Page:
Florida Wildlife Commission Removes License Requirements To Harvest Lionfish

Bag limits on the invasive lionfish have also been removed.

Written by
John Virata

The Florida Fish and Wildlife Conservation Commission has removed previous license requirements to harvest the invasive lionfish (Pterois volitans) from Florida waters. It has also removed the bag limit of this popular aquarium fish, previously set at 100 pounds, to unlimited, so recreational divers who wish to harvest these fish can do so with the proper equipment, without a fishing license.

The change in requirements came June 12 during the commission’s meeting in Lakeland, Fla. when commissioners voted to exclude the invasive fish from the commercial and recreational bag limits that were previously imposed on the fish. An August 2012 executive order allowed the harvest of lionfish with hand held nets, pole spears, Hawaiian slings, and other devices designed to capture lionfish without the need for a recreational license. That order will expire August 3, but the new rule allowing unlimited harvesting of the fish goes into effect June 30.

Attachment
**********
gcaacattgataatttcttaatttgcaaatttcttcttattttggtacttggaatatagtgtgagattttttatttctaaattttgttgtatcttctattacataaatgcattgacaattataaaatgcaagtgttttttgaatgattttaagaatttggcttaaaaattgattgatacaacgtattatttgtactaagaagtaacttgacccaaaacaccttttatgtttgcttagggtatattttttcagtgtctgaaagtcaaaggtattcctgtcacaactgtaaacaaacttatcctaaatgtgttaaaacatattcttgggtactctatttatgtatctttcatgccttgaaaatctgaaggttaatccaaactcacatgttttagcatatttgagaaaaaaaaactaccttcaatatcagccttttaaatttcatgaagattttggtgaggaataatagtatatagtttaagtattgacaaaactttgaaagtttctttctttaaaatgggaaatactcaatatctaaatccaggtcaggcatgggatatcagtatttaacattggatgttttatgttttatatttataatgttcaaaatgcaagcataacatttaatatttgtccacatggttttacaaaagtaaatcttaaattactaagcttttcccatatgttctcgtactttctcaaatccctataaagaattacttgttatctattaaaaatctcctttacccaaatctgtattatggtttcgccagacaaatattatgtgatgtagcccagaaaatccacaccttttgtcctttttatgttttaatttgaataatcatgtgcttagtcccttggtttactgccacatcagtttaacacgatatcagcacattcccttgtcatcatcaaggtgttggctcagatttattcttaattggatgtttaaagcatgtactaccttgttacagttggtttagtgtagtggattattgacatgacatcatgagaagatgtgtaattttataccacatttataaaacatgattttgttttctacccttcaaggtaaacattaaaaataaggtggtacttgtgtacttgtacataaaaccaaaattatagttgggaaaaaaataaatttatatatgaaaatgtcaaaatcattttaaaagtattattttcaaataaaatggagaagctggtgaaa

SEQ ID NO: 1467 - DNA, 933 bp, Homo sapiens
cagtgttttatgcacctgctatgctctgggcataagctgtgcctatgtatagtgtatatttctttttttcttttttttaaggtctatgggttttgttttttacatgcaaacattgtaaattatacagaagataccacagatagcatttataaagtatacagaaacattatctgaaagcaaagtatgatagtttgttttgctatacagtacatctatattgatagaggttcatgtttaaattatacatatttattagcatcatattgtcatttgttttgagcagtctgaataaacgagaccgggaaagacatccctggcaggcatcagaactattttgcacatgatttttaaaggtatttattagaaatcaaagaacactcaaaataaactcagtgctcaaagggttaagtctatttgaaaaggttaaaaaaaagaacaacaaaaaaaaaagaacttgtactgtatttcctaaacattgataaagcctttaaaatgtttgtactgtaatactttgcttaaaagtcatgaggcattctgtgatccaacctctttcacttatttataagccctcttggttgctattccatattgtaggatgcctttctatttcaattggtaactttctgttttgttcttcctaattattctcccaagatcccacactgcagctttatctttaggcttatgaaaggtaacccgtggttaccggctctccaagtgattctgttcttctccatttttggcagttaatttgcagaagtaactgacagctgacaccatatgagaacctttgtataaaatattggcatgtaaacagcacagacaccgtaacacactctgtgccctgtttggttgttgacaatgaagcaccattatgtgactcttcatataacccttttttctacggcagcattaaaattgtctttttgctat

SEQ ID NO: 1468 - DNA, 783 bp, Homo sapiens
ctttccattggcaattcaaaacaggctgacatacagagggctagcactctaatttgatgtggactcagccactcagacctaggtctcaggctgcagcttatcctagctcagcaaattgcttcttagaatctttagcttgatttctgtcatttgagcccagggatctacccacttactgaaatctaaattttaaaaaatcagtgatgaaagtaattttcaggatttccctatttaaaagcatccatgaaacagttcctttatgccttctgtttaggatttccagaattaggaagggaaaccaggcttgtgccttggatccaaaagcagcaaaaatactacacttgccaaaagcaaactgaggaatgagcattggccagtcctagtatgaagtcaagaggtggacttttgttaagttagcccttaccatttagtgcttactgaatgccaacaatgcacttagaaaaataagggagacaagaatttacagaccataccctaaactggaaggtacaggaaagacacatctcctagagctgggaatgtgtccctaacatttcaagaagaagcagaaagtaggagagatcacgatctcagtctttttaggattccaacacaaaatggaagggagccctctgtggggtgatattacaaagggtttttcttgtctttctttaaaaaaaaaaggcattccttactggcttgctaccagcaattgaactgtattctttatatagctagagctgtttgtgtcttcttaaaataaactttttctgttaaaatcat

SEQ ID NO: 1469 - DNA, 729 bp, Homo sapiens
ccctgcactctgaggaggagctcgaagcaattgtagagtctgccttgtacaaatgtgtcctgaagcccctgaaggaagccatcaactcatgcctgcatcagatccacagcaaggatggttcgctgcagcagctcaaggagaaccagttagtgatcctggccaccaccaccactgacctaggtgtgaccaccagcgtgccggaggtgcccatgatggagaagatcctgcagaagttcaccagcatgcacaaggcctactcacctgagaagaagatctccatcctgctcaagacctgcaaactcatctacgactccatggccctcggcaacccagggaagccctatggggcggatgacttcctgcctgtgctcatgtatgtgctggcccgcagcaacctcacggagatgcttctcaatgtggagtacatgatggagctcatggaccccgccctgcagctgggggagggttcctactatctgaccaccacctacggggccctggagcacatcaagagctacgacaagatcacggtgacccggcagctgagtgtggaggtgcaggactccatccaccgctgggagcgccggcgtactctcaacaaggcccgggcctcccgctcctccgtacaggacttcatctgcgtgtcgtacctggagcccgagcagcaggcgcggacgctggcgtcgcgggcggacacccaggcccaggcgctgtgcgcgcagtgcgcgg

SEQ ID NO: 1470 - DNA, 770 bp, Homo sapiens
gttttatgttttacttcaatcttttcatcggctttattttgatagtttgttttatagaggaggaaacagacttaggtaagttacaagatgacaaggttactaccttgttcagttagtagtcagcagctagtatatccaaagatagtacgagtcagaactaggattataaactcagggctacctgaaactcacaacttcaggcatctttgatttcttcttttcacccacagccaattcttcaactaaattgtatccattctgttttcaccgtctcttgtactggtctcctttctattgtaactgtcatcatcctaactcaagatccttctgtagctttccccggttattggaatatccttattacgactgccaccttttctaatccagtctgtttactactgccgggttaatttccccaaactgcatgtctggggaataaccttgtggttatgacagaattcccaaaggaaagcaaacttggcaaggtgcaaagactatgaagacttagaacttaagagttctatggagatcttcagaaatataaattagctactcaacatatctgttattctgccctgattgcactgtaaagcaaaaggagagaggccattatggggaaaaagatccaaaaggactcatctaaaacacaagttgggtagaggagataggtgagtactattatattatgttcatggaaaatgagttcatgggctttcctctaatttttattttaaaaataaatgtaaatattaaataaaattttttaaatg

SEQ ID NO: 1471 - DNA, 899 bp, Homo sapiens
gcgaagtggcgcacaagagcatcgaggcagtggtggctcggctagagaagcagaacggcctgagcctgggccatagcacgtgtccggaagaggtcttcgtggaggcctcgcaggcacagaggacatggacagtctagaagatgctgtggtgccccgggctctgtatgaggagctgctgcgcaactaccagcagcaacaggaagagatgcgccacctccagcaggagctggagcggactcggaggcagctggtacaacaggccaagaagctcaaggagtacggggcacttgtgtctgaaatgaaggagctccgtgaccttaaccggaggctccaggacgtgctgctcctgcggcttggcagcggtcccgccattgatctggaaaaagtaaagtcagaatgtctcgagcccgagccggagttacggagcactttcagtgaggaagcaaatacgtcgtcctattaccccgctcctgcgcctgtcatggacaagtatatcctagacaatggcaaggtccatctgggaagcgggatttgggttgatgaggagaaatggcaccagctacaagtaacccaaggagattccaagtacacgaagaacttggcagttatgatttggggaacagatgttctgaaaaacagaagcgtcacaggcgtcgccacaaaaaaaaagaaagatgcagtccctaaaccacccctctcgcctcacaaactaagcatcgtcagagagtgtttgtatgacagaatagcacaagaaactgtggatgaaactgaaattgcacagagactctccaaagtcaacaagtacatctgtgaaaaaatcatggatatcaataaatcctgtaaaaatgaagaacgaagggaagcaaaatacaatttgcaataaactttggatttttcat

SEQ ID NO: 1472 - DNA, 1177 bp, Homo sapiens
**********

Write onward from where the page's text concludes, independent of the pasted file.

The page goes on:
Want to Learn More?

Grouper May Help to Control Invasive Lionfish in the Atlantic Ocean

Florida Holds Lionfish Derbies to Try and Control the Invasive Reef Fish Predator

The lionfish is an invasive species in Florida and is probably the most notorious fish in the aquarium hobby that has become established outside its native range. They became established in Florida after six specimens apparently escaped from an aquarium during Hurricane Andrew in 1992. They are now well established on the East Coast and have been found as far north as Connecticut to the Caribbean. In battling this invasive and predatory fish, the state of Florida has launched lionfish derbies and other public awareness campaigns in an effort to get its residents to hunt these fish off Florida’s reefs, where they have wreaked considerable havoc over the last 20 years. The removal of license requirements and bag limits is another step in the state’s battle against these beautiful, yet highly predatory and invasive species.

Article Categories:
Fish · Lifestyle

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